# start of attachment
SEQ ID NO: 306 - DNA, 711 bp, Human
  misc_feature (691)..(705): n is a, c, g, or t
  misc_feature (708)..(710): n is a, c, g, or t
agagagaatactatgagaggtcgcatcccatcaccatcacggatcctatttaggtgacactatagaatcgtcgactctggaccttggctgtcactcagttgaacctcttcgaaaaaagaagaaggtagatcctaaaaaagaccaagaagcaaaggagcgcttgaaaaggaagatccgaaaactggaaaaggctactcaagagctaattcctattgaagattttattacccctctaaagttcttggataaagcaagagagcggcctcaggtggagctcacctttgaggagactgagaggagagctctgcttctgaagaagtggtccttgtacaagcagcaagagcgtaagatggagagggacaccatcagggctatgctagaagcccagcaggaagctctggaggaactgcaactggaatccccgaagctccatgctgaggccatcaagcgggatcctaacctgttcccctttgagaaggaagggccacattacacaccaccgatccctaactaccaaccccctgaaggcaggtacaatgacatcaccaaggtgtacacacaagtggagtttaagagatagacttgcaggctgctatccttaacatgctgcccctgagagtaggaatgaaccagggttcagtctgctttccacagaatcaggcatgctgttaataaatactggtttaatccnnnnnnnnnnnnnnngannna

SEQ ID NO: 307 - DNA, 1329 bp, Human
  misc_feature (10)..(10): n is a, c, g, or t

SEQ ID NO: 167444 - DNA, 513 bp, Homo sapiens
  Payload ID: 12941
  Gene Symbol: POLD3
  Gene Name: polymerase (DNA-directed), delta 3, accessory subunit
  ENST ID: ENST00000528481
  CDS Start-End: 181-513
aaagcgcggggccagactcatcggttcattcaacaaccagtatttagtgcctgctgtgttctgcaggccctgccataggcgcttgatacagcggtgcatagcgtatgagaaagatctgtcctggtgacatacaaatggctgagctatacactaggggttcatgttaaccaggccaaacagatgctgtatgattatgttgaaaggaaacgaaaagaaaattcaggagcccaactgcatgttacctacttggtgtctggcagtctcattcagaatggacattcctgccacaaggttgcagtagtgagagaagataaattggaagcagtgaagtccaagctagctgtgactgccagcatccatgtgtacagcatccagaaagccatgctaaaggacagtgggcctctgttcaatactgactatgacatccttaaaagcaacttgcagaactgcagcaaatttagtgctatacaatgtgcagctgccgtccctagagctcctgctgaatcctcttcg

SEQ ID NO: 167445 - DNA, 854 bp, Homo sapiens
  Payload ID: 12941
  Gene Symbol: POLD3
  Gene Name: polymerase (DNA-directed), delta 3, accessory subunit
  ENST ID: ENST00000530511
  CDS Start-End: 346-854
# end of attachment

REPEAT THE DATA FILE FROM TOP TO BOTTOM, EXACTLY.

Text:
SEQ ID NO: 306 - DNA, 711 bp, Human
  misc_feature (691)..(705): n is a, c, g, or t
  misc_feature (708)..(710): n is a, c, g, or t
agagagaatactatgagaggtcgcatcccatcaccatcacggatcctatttaggtgacactatagaatcgtcgactctggaccttggctgtcactcagttgaacctcttcgaaaaaagaagaaggtagatcctaaaaaagaccaagaagcaaaggagcgcttgaaaaggaagatccgaaaactggaaaaggctactcaagagctaattcctattgaagattttattacccctctaaagttcttggataaagcaagagagcggcctcaggtggagctcacctttgaggagactgagaggagagctctgcttctgaagaagtggtccttgtacaagcagcaagagcgtaagatggagagggacaccatcagggctatgctagaagcccagcaggaagctctggaggaactgcaactggaatccccgaagctccatgctgaggccatcaagcgggatcctaacctgttcccctttgagaaggaagggccacattacacaccaccgatccctaactaccaaccccctgaaggcaggtacaatgacatcaccaaggtgtacacacaagtggagtttaagagatagacttgcaggctgctatccttaacatgctgcccctgagagtaggaatgaaccagggttcagtctgctttccacagaatcaggcatgctgttaataaatactggtttaatccnnnnnnnnnnnnnnngannna

SEQ ID NO: 307 - DNA, 1329 bp, Human
  misc_feature (10)..(10): n is a, c, g, or t

SEQ ID NO: 167444 - DNA, 513 bp, Homo sapiens
  Payload ID: 12941
  Gene Symbol: POLD3
  Gene Name: polymerase (DNA-directed), delta 3, accessory subunit
  ENST ID: ENST00000528481
  CDS Start-End: 181-513
aaagcgcggggccagactcatcggttcattcaacaaccagtatttagtgcctgctgtgttctgcaggccctgccataggcgcttgatacagcggtgcatagcgtatgagaaagatctgtcctggtgacatacaaatggctgagctatacactaggggttcatgttaaccaggccaaacagatgctgtatgattatgttgaaaggaaacgaaaagaaaattcaggagcccaactgcatgttacctacttggtgtctggcagtctcattcagaatggacattcctgccacaaggttgcagtagtgagagaagataaattggaagcagtgaagtccaagctagctgtgactgccagcatccatgtgtacagcatccagaaagccatgctaaaggacagtgggcctctgttcaatactgactatgacatccttaaaagcaacttgcagaactgcagcaaatttagtgctatacaatgtgcagctgccgtccctagagctcctgctgaatcctcttcg

SEQ ID NO: 167445 - DNA, 854 bp, Homo sapiens
  Payload ID: 12941
  Gene Symbol: POLD3
  Gene Name: polymerase (DNA-directed), delta 3, accessory subunit
  ENST ID: ENST00000530511
  CDS Start-End: 346-854